Kenji Misumi’s Lone Wolf and Cub: Sword of Vengeance

Today I watched Kenji Misumi’s Lone Wolf and Cub: Sword of Vengeance (1972)

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Perhaps more so than any previous or contemporary comic book movie, the Lone Wolf and Cub series really captures the episodic feel of traditional pulp comic storytelling.  The series tells the story of Itto Ogami, a mighty samurai who was once the Shogun’s chosen executioner.  But now his family has been betrayed by the Yagyu clan who want his powerful position, and they succeed at incriminating him and killing his wife.  So now Itto wanders the countryside with his toddler son, hiring himself out as an assassin as he slowly works towards avenging his family and destroying the Yagyu.

There are a lot of elements that make this particular entry feel very pulpy and comic book like, chief of which is probably the pacing.  The film actually tells two stories, the aforementioned origin of Itto and Daigoro, his son, but then there is also a contract he undertakes later in the film.  The film’s stories are thus quite compressed in the way traditional comics narratives were, which is further amplified by the borderline surreal audio-visual stylings.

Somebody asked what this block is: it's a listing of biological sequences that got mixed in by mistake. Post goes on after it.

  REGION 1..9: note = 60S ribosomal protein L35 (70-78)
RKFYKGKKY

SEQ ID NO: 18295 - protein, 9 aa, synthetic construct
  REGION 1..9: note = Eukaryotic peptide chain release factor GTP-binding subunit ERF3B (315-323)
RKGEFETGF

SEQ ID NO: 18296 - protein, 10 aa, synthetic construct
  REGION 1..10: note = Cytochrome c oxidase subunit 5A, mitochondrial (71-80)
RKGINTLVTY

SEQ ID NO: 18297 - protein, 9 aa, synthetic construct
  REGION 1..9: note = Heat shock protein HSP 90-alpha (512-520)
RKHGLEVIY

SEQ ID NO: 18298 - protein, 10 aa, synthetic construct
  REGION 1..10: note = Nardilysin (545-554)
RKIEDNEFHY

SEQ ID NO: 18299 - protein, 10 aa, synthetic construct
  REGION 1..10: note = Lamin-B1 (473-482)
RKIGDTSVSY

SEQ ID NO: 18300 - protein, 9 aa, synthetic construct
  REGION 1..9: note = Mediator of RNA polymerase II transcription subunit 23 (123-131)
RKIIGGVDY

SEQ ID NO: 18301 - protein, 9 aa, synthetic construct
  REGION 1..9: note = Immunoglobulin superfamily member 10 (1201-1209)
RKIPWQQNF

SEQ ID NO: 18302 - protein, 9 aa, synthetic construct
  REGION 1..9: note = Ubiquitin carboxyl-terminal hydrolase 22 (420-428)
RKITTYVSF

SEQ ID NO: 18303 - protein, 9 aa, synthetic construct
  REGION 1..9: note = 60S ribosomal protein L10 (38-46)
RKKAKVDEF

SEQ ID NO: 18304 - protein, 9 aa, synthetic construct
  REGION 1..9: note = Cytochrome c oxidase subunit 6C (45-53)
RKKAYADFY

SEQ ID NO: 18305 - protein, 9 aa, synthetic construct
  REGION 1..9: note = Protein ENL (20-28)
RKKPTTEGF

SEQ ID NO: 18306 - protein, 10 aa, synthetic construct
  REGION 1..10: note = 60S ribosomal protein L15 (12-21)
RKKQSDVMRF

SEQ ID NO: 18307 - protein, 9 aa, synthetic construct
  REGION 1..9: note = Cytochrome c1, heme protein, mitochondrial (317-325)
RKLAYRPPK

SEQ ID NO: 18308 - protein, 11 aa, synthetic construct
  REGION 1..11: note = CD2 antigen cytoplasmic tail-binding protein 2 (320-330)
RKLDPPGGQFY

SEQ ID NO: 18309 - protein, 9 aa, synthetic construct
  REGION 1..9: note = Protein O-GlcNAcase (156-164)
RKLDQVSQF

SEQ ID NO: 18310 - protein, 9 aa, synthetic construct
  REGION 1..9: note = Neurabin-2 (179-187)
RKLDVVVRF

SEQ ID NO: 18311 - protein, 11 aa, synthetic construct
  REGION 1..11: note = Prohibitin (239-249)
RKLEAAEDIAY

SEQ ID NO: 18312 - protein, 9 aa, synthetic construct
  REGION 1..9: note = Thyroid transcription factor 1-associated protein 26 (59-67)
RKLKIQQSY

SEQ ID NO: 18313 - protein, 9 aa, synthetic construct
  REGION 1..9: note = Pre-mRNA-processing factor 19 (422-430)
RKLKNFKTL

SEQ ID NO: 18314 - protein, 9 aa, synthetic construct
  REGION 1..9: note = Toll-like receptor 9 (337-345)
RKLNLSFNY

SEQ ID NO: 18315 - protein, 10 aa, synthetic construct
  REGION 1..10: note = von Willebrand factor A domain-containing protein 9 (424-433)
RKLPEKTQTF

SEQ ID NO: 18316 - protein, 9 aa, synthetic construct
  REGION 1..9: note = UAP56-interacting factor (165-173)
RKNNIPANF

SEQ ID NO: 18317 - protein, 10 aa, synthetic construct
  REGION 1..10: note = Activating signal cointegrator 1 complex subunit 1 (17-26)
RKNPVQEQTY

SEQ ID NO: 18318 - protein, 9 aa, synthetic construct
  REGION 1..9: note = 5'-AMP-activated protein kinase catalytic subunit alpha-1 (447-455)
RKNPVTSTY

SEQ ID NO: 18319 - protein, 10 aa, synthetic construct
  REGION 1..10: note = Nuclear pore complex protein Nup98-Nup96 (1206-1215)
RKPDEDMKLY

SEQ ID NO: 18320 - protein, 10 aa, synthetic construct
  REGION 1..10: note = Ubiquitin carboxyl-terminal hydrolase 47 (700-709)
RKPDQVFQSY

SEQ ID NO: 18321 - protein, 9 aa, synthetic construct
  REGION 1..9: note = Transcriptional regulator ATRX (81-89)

While this film is certainly violent in it’s content, it is the kinetic and focused delivery that really gives it a kinetic punch.  In many scenes the film excises all unnecessary sound yet goes for very evocative imagery and angles, directly mimicking the lavish art and select use of onomatopoeia one would see on the comic page.  This also has the added effect of framing the ample violence in a way that elevates it’s impact, highlighting the over the top arterial spray which would go on to influence every corner of Japanese cinema.  If you dig that kind of wild, insane comic violence, this is an absolute must see as it is both wildly influential and just damn good in it’s own right.  5/5

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